The European and foreign policy positions follow the previous manifesto. However, in the interim the party changed its perception of tax harmonisation, now seeing it in a negative light. On the national level, the Liberals support implementation of EU regulations if the European ones are more effective. European integration is still perceived as a historical success that should be reflected in EU foreign policy. Therefore, the EU should be granted a permanent seat in the UN Security Council. Due to the fact that Barack Obama had started his presidentship at that time, the party called for starting a new partnership with the US. The rights of homosexual partnerships should be strengthened in the human rights foreign policy. Generally, the influence of Germany and German culture should increase in international politics and the party even supports limited participation of the army in international conflicts. The army could be used in UN-approved missions such as the mission in Afghanistan.

The policy regarding the integration of immigrants closely followed that of the previous manifesto. Successful integration must be based on cooperation between state authorities and immigrants. Therefore, immigrants should be able to communicate in German. In this respect, the legal obstructions for employing immigrants have to be reduced. They should be gained voting rights after 5 years of permanent residence in Germany. The legal status of other religions should be equal to Christianity, but only if the religion in question does not oppose the values of Western civilisation. Therefore, religious fundamentalism cannot be accepted. The manifesto mentions that Islamism rejects Western values. Focusing on children, the schools are, as the manifesto understands, a suitable environment for values-based education. Surprisingly, the manifesto mentions that national monuments should be encouraged to transmit a cultural and historical message.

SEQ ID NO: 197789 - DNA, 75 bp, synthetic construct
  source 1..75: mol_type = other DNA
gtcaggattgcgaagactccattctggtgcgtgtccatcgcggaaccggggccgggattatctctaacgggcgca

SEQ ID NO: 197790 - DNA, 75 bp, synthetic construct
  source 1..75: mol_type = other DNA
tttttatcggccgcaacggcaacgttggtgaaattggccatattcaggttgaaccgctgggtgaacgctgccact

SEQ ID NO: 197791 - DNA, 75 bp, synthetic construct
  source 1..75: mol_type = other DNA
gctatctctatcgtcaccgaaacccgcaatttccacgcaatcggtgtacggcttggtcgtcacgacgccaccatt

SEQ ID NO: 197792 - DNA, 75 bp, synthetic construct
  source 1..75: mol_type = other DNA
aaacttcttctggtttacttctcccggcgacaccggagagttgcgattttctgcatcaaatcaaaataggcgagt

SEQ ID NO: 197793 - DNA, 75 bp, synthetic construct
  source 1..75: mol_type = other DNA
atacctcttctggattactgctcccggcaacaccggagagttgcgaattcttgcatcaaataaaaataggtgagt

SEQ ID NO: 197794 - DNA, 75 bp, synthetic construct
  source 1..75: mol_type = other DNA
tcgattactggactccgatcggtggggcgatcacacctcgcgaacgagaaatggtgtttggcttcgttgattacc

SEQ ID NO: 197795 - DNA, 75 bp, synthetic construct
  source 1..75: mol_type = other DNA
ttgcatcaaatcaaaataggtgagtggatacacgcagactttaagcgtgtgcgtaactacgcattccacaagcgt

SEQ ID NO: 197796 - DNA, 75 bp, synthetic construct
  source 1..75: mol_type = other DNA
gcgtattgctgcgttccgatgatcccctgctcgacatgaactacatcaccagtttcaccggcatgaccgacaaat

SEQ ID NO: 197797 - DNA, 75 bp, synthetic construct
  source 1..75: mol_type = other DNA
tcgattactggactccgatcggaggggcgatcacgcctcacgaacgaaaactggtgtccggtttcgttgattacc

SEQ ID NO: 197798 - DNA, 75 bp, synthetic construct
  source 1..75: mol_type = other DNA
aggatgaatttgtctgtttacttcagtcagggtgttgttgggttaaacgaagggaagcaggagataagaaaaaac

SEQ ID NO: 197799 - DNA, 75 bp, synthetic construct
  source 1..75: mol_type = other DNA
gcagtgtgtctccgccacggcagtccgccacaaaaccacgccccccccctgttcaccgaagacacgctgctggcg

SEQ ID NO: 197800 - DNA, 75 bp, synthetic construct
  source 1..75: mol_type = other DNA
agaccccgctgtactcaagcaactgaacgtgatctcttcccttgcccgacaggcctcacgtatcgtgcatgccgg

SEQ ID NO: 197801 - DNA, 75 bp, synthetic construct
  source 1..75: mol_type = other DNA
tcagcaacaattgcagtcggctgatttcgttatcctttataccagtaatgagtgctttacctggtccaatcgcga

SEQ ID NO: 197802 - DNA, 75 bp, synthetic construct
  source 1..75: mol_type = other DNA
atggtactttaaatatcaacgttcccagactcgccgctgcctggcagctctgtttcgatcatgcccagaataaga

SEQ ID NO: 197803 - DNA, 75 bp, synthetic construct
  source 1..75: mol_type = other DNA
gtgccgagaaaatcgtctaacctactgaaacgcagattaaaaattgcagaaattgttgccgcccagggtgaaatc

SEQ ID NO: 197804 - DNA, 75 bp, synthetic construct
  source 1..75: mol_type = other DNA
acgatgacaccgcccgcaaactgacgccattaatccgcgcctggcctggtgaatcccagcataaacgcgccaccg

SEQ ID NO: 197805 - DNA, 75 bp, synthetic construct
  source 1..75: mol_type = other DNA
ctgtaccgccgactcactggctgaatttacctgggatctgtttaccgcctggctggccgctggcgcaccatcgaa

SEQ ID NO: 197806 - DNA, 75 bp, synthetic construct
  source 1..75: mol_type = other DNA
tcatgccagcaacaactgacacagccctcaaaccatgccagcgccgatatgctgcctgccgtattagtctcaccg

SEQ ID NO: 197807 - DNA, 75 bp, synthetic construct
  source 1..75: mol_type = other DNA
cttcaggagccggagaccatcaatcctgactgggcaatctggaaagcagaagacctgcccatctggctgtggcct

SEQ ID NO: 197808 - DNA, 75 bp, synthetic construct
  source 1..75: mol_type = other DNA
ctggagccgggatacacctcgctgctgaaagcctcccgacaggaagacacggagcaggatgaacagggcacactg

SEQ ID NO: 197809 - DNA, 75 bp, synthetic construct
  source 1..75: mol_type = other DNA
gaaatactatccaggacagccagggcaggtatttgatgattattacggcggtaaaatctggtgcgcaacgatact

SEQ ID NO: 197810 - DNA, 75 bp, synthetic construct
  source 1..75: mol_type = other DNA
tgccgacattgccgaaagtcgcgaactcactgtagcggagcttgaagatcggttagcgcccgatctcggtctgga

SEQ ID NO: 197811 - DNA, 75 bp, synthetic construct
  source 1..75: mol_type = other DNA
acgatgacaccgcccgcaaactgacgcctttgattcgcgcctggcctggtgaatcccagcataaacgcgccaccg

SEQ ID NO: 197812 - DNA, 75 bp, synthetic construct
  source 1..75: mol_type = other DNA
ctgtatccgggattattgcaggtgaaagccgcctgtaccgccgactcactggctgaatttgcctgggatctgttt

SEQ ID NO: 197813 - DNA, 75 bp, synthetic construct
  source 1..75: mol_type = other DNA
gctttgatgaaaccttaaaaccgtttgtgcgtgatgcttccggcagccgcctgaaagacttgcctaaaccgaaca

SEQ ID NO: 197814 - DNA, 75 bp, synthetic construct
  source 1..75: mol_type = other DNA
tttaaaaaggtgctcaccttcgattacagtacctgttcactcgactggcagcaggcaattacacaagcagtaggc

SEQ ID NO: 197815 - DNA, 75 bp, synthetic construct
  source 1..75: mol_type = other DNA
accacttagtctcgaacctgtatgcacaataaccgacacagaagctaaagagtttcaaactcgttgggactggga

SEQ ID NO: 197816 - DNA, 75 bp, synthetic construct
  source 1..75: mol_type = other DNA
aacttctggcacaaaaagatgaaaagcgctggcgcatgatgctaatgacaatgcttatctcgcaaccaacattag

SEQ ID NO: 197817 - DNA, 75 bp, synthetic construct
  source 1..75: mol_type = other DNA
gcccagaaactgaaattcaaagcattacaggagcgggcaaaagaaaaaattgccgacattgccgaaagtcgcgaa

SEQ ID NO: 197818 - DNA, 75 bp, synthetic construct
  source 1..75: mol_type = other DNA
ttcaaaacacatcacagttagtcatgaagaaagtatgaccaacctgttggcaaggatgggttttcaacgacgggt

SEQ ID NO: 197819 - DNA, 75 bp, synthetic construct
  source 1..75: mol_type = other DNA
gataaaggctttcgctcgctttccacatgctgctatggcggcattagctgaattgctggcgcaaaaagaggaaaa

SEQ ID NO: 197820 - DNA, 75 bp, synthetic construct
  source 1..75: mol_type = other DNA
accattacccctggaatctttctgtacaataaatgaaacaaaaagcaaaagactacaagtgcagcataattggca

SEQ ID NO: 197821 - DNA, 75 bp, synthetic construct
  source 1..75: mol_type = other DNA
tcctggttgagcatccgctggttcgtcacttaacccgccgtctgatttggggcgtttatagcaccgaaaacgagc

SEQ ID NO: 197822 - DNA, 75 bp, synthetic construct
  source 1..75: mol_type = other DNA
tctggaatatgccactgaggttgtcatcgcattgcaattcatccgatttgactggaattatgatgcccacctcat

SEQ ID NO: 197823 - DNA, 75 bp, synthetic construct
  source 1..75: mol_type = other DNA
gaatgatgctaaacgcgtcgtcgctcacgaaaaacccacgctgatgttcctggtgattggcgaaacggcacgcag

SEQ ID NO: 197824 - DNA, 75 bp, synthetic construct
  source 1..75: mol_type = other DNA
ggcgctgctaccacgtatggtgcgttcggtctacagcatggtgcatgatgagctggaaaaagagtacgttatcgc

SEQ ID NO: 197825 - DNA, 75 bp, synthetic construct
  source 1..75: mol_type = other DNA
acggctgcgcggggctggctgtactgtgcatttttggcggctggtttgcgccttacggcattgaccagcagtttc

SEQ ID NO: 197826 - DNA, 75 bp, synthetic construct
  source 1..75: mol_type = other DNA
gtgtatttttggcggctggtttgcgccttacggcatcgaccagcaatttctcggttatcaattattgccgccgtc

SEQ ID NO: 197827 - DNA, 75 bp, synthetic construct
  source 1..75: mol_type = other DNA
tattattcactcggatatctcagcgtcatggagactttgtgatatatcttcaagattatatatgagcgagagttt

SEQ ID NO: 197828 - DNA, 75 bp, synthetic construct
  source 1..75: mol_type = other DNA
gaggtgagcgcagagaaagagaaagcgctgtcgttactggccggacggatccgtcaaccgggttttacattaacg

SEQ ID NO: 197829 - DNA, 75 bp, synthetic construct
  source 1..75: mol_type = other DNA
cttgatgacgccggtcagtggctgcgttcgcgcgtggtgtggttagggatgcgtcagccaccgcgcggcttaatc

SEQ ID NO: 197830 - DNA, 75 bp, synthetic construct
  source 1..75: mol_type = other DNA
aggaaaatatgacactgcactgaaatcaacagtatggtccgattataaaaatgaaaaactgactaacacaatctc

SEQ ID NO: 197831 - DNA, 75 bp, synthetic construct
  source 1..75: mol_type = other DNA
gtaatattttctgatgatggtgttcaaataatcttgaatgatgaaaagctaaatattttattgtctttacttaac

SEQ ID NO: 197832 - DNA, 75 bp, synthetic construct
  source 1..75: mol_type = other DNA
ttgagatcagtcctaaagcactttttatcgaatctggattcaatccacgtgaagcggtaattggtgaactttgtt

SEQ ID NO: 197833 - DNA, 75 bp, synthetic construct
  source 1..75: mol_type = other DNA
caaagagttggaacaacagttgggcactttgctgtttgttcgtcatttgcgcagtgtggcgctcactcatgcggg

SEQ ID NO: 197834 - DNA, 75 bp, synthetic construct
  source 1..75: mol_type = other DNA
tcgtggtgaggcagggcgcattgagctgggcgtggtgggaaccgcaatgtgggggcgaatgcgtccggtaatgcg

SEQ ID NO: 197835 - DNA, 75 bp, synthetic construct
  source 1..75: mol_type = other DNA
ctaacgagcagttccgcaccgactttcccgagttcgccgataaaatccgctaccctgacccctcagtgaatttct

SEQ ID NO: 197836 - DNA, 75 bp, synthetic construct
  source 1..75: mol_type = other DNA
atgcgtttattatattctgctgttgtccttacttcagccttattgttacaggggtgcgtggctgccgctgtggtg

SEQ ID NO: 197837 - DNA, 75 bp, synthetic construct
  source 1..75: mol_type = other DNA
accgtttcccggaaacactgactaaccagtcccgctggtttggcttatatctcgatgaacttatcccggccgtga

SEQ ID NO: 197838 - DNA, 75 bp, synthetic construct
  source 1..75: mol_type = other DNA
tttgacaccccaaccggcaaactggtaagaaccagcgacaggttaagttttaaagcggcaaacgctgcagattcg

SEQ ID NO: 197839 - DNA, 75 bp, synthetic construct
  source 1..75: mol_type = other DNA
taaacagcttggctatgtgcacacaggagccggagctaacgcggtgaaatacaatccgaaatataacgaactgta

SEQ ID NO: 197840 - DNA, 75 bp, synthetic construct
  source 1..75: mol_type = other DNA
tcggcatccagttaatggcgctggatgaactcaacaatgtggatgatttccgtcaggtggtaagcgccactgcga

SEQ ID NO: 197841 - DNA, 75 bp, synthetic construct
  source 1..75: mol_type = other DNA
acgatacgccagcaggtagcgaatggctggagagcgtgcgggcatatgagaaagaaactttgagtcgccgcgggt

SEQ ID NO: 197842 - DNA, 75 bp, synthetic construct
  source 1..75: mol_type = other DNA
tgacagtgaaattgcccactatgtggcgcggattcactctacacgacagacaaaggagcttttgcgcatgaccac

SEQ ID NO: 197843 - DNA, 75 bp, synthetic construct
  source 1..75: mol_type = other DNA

Election manifesto 2013

The party’s fluctuating European policy is apparent in this manifesto. European integration is no longer perceived in general terms but the party rather affirms a deep commitment to supranational integration. The FDP supports expanding the competences of EU institutions as well as closer identification of citizens with the EU. The European Parliament should get legislative competence and the European Council should be constituted as a second chamber of institutional architecture. The role of the ECB should be purely independent, in this way closer reflecting the role of the German national bank. Although the party strongly supports an independent EU foreign policy, German influence in international politics should increase as well, for instance by means of greater support for the German language abroad. In both European as well as German foreign policy there should be a strong human rights commitment. Although the FDP supports NATO, the EU should continue in setting up common military forces.

Germany remains an open state for immigrants but the conditions for their integration should be simplified. For example, immigrants should have the possibility to work immediately after their “registration” in Germany. Any kind of discrimination is impropriate and diversity is seen as bringing many advantages, such as tolerance. To support the coexistence of minorities, the state should cultivate the varieties of coexistence; for instance by supporting the Diversity Strategy. Muslims are part of German society and culture and therefore German speaking Imams should be supported. One of the core elements of the successful integration in acceptance of republican values; in this case there is a shift from Western to republican values. Liberals note that immigrants have to be encouraged to apply for employment in state administration.